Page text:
If this were medieval England, John Brakey and his fellow election-integrity activists would have Pima County elections director Brad Nelson’s head on a platter, probably garnished with the fingers of County Administrator Chuck Huckelberry and county information-technology chief John Moffatt.
OK, let’s not go too far. What the activists really want is Nelson to lose his job. But since Huckelberry is in charge of personnel and is Nelson’s supervisor, the chances of that happening are nil. And that comes straight from Huckelberry’s mouth.
“Lynchings were outlawed long ago,” Huckelberry says.
What started the latest high-tech lynching attempt of Nelson was the arrest of AuditAZ’s John Brakey, who was working on Sept. 6 as an observer for the Democratic Party during a post-primary ballot hand-count and audit. According to the arrest report, Brakey was told by Nelson to stop talking to the people who were doing the hand-count.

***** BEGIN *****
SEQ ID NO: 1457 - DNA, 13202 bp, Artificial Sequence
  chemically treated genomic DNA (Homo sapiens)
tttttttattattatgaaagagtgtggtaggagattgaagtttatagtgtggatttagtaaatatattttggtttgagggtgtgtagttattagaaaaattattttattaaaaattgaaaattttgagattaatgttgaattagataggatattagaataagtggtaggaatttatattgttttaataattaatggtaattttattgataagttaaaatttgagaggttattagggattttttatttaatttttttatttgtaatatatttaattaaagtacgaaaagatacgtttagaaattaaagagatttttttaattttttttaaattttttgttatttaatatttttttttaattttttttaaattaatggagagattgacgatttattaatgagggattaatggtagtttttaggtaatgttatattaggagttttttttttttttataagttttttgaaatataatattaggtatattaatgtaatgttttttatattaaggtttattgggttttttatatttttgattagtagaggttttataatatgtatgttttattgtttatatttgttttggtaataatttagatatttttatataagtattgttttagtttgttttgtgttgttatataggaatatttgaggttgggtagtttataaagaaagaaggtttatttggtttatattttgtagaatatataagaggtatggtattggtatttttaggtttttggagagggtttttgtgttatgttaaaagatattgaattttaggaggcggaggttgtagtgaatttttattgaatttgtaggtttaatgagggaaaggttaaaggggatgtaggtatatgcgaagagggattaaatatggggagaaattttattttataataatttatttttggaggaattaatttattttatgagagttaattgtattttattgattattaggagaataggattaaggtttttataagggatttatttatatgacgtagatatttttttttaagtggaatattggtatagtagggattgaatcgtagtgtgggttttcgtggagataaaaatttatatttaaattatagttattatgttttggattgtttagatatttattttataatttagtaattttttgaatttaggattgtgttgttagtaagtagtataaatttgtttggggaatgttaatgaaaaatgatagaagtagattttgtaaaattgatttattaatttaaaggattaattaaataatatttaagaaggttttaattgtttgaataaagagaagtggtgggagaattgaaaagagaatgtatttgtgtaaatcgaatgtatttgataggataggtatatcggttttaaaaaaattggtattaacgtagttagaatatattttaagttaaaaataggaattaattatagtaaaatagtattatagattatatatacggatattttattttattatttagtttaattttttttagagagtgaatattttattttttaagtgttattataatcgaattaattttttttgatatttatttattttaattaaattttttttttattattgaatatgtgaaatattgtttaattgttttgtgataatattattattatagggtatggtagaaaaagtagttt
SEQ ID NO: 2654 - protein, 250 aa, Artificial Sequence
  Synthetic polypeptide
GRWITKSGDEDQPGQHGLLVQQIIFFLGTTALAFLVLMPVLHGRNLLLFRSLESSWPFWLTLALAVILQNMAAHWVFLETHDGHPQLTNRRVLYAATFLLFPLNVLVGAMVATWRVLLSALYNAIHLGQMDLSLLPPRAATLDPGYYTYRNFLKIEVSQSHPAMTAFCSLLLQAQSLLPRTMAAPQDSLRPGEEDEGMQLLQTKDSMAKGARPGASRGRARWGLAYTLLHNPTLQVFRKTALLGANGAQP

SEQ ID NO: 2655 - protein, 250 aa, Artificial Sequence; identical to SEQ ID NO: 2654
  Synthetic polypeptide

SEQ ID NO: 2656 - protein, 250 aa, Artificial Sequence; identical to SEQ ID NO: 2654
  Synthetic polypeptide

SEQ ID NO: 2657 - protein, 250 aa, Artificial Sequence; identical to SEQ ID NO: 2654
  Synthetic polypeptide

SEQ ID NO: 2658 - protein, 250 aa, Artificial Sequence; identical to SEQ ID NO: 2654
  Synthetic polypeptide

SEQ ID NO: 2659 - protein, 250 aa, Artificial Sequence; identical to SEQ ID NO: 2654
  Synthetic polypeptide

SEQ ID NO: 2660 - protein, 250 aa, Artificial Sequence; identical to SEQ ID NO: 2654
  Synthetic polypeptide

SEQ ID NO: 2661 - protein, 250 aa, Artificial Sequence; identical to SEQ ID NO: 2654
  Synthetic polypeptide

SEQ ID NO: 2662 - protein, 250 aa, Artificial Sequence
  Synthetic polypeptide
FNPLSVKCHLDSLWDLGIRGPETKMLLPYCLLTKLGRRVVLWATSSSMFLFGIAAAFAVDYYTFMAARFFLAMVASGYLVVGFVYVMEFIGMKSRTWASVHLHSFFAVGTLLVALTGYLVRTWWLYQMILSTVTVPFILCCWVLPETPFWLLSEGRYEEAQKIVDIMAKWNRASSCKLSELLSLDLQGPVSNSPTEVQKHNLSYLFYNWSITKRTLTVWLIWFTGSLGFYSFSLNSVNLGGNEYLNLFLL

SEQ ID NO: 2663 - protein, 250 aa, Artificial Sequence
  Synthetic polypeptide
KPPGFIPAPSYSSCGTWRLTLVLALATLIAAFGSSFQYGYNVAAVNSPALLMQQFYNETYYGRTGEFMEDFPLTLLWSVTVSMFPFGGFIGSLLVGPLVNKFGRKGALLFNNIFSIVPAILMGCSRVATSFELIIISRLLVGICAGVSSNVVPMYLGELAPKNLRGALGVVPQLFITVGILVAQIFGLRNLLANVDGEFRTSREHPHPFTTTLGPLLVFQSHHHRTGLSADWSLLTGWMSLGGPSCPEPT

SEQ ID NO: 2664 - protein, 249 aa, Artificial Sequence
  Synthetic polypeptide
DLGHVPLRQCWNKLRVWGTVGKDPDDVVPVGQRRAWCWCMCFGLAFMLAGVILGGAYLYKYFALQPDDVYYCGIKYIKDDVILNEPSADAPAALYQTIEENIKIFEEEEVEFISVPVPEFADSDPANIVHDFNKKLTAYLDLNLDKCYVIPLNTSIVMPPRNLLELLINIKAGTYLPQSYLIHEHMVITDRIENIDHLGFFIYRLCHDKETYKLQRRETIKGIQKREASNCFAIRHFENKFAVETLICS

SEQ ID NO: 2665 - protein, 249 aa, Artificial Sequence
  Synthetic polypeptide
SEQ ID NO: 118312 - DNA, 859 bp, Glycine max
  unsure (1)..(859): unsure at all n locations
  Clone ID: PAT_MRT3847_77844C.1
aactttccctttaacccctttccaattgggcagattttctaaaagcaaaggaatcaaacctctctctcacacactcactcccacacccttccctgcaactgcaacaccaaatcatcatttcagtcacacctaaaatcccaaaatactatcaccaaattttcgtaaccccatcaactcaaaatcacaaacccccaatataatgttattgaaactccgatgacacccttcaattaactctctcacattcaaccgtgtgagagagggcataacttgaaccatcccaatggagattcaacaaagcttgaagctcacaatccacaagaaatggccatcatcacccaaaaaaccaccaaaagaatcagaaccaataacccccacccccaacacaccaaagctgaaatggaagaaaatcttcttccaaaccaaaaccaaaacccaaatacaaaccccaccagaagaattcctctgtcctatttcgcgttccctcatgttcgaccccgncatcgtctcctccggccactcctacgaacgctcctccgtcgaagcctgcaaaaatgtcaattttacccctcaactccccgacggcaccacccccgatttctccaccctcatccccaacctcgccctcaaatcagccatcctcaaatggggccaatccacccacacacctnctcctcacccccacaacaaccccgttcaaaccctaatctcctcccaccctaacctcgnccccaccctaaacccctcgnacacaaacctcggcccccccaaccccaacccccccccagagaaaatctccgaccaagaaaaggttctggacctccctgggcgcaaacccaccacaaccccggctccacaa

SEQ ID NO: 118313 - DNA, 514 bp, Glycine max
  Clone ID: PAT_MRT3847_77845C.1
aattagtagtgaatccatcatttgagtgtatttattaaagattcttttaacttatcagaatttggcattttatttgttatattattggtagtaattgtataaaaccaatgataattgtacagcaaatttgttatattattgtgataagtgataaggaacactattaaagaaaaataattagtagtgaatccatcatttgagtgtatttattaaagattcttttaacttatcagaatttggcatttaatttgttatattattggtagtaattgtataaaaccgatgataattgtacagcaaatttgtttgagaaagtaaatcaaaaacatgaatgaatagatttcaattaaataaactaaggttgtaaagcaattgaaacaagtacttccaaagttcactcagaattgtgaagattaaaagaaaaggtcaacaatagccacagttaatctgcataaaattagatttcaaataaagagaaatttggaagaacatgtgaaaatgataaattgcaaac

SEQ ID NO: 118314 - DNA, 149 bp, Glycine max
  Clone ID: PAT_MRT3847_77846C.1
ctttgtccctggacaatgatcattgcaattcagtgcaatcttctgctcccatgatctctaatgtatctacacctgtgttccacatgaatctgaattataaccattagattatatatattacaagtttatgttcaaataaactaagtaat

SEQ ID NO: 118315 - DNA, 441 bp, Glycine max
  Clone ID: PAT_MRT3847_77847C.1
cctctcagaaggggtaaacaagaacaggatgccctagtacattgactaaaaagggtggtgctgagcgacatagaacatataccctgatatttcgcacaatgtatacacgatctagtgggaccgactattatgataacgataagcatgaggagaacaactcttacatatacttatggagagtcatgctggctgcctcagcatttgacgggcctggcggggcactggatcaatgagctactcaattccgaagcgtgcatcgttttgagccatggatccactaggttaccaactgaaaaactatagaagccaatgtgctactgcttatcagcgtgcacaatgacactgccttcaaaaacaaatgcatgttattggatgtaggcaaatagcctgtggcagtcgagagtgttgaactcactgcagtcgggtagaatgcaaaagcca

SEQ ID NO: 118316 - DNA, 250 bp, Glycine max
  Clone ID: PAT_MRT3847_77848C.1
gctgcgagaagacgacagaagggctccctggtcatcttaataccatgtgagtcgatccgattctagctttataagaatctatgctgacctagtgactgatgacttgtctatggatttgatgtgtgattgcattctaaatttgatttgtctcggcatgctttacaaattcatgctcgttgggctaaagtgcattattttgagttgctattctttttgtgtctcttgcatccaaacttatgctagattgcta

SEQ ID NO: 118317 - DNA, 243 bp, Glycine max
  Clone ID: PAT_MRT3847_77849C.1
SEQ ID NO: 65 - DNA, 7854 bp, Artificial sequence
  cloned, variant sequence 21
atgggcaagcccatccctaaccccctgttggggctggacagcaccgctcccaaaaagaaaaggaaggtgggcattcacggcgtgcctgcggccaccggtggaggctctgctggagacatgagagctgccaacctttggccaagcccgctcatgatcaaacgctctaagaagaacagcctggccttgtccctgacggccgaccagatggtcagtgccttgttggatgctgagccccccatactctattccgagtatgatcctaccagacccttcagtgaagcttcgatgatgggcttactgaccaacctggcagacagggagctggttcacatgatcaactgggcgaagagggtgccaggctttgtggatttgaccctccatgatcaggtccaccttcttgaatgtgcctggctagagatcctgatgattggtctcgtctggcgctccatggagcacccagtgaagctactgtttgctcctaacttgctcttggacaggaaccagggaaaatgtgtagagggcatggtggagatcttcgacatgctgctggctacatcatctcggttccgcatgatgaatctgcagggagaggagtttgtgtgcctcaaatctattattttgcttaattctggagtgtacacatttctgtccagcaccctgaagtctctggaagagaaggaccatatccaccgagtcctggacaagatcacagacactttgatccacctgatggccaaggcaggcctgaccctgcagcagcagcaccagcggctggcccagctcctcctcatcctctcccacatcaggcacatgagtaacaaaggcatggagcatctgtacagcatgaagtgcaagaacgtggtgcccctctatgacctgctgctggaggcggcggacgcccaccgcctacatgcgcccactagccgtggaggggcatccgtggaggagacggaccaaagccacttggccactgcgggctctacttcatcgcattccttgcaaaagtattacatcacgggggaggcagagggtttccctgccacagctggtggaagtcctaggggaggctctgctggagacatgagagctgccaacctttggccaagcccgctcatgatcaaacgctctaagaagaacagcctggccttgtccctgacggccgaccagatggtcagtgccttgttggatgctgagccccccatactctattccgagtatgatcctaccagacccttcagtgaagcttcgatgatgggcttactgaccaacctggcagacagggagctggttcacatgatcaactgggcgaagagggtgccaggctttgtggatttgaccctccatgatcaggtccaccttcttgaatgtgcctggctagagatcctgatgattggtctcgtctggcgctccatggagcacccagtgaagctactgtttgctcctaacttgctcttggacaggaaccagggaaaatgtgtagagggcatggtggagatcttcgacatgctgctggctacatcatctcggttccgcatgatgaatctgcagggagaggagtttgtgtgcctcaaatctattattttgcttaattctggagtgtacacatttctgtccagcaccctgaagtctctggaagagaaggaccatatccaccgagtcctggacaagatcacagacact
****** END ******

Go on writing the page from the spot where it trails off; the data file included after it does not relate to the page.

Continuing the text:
After Republican observer Judi White complained to Nelson, Nelson asked Brakey to stop and to bring any questions directly to him. Brakey didn’t stop; Nelson told him to leave; Brakey didn’t leave; Nelson had him escorted from the counting area by a Pima County sheriff’s deputy. The deputy asked Brakey to leave, but he wouldn’t, and told the deputy he wanted to be arrested.
The deputy cuffed him (with his hands in front of his waist because of an arm injury Brakey was still on the mend from) and took him downstairs. The deputy cited Brakey with criminal trespass in the second degree, took the cuffs off and gave Brakey his phone to call his attorney.
It’s worth noting that the deputy turned down Brakey’s request to cuff him again and take a picture of him with his cell-phone camera, according to Continue reading